Note: This blog will be updated as changes continue to happen to US-based Instagram accounts. We are closely following all updates coming from Instagram for our clients.
Like it or hate it, Instagram has become part of our daily life. Whether it became a habit to take a picture of an “Insta-worthy” sunset or you now have a full Instagram marketing team at your company, Instagram has weaved itself into all aspects of business and personal validation.
And now it is all changing.
Last May, Instagram took away Like count in Canada and then expanded to several more countries including Japan, Brazil, India, and Australia as part of a global test. Note: this is all still a “test,” Instagram has not disclosed how they chose the experimental accounts, and the chosen accounts do not have an option to “opt-out.” It is part of Instagram’s quest to be the “safest place on the internet” states CEO Adam Mosseri.
The point of taking away Likes is to take away the pressure of crafting “Insta-worthy” by making it a safe space focused on connections, conversations, and community. This new emphasis to “de-pressurize Instagram” is also a reflection of the “meaningful connections” movement from Instagram’s parent company, Facebook. You can learn more about Facebook’s biggest facelift in its 15 year history, that happened earlier this year, here.
At the F8 conference in May, Mark Zuckerberg explained that “As you scroll through your feed, there are no like counts…you can tap through to see [the list], and if you have the time you can add them all up yourself.” If your Instagram page already looks like this, then you have been one of the 110 million chosen profiles to be part of the test:
What does this mean for your company, especially your marketing team’s strategy?
In a short 3 months after likes were hidden to the test group in Canada, likes were hidden for nearly everyone in the country. Since the test began just last week in the US, now is the time to start identifying what your new metrics will be. Meaning, businesses will now need to be creative in analyzing data and be more specific about what type of content is actually driving connections with their audience and sales. If you need advice on all of this, we’d love to chat.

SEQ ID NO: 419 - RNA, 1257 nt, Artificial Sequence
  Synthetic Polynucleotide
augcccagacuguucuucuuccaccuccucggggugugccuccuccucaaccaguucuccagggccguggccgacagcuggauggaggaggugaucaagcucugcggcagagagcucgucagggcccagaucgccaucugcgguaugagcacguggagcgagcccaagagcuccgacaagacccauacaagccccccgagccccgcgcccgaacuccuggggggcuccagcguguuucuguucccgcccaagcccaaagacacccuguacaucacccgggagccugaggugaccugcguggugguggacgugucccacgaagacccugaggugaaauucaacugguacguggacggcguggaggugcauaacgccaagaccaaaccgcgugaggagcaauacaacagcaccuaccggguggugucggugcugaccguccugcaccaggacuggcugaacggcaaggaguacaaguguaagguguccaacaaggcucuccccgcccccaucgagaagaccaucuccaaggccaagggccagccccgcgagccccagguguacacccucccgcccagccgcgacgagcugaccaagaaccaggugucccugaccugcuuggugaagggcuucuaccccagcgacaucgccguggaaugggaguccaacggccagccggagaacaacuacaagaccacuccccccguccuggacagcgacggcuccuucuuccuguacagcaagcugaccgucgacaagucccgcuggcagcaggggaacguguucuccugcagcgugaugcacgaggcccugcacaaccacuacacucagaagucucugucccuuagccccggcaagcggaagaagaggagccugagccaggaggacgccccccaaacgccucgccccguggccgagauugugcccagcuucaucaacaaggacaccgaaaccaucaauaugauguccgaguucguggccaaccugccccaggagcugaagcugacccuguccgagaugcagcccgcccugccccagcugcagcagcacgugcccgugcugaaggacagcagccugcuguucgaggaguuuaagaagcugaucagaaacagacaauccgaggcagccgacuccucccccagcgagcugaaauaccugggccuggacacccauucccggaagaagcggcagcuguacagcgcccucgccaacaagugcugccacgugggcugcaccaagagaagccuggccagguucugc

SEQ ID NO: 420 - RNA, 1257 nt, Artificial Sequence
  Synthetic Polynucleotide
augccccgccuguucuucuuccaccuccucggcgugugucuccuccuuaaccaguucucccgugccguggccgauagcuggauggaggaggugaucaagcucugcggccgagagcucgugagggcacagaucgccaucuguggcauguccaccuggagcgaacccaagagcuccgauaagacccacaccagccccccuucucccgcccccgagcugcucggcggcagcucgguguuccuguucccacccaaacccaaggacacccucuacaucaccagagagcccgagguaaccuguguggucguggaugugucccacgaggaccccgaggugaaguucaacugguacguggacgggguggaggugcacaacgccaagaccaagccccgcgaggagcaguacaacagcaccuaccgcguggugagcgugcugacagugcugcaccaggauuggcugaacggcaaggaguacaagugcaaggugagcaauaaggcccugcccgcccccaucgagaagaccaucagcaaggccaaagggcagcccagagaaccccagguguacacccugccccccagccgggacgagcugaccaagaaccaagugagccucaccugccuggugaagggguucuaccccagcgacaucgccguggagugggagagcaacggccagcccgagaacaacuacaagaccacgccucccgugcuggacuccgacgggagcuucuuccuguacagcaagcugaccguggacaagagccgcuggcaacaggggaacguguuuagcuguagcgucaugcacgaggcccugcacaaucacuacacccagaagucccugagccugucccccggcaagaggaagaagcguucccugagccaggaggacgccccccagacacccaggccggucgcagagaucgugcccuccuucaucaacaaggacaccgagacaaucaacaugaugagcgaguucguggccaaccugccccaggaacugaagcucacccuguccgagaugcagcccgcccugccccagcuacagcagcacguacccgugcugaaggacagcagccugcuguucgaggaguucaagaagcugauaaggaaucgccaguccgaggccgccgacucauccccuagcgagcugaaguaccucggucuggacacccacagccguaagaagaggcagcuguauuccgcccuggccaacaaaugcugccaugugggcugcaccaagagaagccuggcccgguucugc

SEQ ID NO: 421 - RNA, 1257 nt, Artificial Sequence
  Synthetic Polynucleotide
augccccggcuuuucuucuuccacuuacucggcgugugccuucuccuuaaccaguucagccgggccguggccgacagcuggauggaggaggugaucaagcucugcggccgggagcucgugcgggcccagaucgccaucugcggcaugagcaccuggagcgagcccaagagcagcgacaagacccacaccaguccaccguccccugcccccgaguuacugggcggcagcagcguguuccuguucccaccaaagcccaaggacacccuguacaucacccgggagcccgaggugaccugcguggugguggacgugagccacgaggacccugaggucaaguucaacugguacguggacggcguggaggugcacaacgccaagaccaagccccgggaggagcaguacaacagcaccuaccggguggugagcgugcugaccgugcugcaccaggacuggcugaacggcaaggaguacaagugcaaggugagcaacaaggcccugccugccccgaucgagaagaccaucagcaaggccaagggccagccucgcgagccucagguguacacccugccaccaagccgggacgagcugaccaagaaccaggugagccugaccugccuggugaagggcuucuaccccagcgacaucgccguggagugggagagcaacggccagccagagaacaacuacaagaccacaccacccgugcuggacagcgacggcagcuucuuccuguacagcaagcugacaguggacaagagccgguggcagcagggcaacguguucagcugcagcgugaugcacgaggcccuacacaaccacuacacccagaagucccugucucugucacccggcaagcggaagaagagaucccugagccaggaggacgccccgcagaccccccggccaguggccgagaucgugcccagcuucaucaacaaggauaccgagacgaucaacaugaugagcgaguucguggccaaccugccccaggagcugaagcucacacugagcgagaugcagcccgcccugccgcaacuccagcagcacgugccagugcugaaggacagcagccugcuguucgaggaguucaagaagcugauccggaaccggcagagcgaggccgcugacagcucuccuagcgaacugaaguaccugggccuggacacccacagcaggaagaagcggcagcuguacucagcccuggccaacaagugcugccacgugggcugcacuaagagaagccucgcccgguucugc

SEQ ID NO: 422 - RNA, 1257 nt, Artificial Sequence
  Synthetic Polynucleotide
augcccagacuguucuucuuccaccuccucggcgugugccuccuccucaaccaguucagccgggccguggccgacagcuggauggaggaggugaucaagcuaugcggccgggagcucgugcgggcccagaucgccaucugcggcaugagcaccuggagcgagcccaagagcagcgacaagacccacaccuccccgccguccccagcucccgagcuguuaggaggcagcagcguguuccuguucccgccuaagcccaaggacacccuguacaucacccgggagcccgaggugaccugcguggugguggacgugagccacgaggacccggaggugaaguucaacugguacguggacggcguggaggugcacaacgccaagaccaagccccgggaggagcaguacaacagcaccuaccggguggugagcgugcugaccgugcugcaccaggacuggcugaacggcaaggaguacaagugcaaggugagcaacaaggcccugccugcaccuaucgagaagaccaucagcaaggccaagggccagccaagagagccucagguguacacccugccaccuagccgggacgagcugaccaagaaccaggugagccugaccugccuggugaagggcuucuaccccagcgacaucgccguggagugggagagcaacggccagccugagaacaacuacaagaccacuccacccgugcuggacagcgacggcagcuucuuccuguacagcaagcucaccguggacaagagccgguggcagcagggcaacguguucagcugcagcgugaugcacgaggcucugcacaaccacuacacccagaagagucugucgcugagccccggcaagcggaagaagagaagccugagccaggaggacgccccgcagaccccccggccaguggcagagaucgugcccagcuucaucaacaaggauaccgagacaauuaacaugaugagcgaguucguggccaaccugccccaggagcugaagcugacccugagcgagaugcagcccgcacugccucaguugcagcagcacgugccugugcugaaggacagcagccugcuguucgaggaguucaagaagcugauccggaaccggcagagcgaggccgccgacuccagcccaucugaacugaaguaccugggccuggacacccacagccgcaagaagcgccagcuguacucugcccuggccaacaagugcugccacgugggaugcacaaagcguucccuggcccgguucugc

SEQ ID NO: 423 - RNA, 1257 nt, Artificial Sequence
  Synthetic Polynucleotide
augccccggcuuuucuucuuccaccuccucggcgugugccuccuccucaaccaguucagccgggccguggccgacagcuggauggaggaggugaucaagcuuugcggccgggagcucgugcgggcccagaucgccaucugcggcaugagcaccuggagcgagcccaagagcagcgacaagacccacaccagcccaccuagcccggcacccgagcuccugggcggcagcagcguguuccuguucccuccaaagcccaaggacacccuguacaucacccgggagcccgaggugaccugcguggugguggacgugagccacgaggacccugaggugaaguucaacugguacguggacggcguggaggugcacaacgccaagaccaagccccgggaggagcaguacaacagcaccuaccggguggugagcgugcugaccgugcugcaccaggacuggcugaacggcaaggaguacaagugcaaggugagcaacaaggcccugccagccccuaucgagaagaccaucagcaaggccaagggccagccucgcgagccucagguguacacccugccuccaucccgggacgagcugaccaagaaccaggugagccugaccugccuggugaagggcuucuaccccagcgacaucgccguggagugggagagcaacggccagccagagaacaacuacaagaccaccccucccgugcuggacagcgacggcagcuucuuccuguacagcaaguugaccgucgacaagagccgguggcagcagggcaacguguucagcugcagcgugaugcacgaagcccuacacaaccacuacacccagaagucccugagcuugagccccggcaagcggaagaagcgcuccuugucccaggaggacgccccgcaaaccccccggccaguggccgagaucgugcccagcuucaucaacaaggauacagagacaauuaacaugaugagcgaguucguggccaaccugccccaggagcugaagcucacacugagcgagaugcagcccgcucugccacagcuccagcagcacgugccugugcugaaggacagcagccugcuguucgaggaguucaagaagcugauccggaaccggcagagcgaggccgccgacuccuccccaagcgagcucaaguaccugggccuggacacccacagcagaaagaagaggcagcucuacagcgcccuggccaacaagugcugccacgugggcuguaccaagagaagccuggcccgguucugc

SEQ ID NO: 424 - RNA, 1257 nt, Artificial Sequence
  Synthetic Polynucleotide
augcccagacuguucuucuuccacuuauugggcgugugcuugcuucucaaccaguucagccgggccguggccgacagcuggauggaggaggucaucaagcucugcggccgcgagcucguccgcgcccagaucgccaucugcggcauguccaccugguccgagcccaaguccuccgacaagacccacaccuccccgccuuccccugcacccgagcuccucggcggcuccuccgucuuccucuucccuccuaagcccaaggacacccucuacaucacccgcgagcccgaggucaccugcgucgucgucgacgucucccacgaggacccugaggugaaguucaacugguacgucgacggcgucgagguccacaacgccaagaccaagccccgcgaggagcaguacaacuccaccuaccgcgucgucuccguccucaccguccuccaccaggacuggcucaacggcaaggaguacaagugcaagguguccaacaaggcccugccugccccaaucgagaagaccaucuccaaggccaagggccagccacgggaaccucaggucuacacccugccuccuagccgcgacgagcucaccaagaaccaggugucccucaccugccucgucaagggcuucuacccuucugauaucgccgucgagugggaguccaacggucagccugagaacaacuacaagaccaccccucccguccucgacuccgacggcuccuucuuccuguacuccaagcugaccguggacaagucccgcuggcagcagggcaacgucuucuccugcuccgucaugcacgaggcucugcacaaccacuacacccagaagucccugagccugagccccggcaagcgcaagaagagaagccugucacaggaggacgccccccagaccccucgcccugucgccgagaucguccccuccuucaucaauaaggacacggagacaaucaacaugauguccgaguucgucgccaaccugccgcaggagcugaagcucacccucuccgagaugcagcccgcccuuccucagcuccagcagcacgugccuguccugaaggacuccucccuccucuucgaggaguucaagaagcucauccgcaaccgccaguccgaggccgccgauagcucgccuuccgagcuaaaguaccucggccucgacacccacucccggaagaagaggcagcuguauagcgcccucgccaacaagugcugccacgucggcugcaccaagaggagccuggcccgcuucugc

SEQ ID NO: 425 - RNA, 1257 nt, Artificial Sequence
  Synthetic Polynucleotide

With any big change, it is always the innovative companies that come out on top, and this is no different. If your company is savvy, this can be a really positive change. Instagram Stories don’t have public metrics and that hasn’t stopped companies and influencers from capitalizing on their popularity to drive business growth. Additionally, there are plenty of influencer and Instagram 3rd party platforms that provide analytics and insights that can be used to provide a new strategic game plan.
At the Wired25 conference, held on November 8th-9th, Mosseri said, “We will make decisions that hurt the business if they help people’s well-being and health.” This could lead to companies doing more creative marketing on Instagram to get the engagement they used to get with sponsored posts. For example, companies can begin to focus mainly on stories and working with influencers to see their posts get the reach they used to get with ad spend.
What could this change mean from a health and wellness lens?
Since the majority of our clients are in the healthcare space, mental health initiatives, like this one, are always at the top of our minds.
Dr. Dragonette, PsyD, says, “There is much evidence to prove that social media does negatively impact a user’s mental health and can often lead to anxiety, depression, bullying, poor sleep, negative body image, and more.” Instagram encourages comparison — not only with how many likes your friends are getting, but how great their lives look. Receiving a like “produces a physiological high by triggering our ‘reward cycle.’ This ‘rush’ or good feeling is due to dopamine.” But now, if you are the only one can who see the amount, getting those 100 likes may not trigger that high.
Kim Kardashian, who has over 152 million followers and is one of the top ten most followed celebrities, is all for hiding likes. “I find myself to be extremely mentally strong and I have people who are obsessed with likes and comments, and I find that to be really unhealthy.”
What happens next and if this change will work, only time will tell. However, since Instagram is owned by Facebook, keep a close eye on both channels as Facebook could soon follow suit.
If you are curious about how to take your company’s social media marketing to the next level in this ever-changing era, then let’s chat!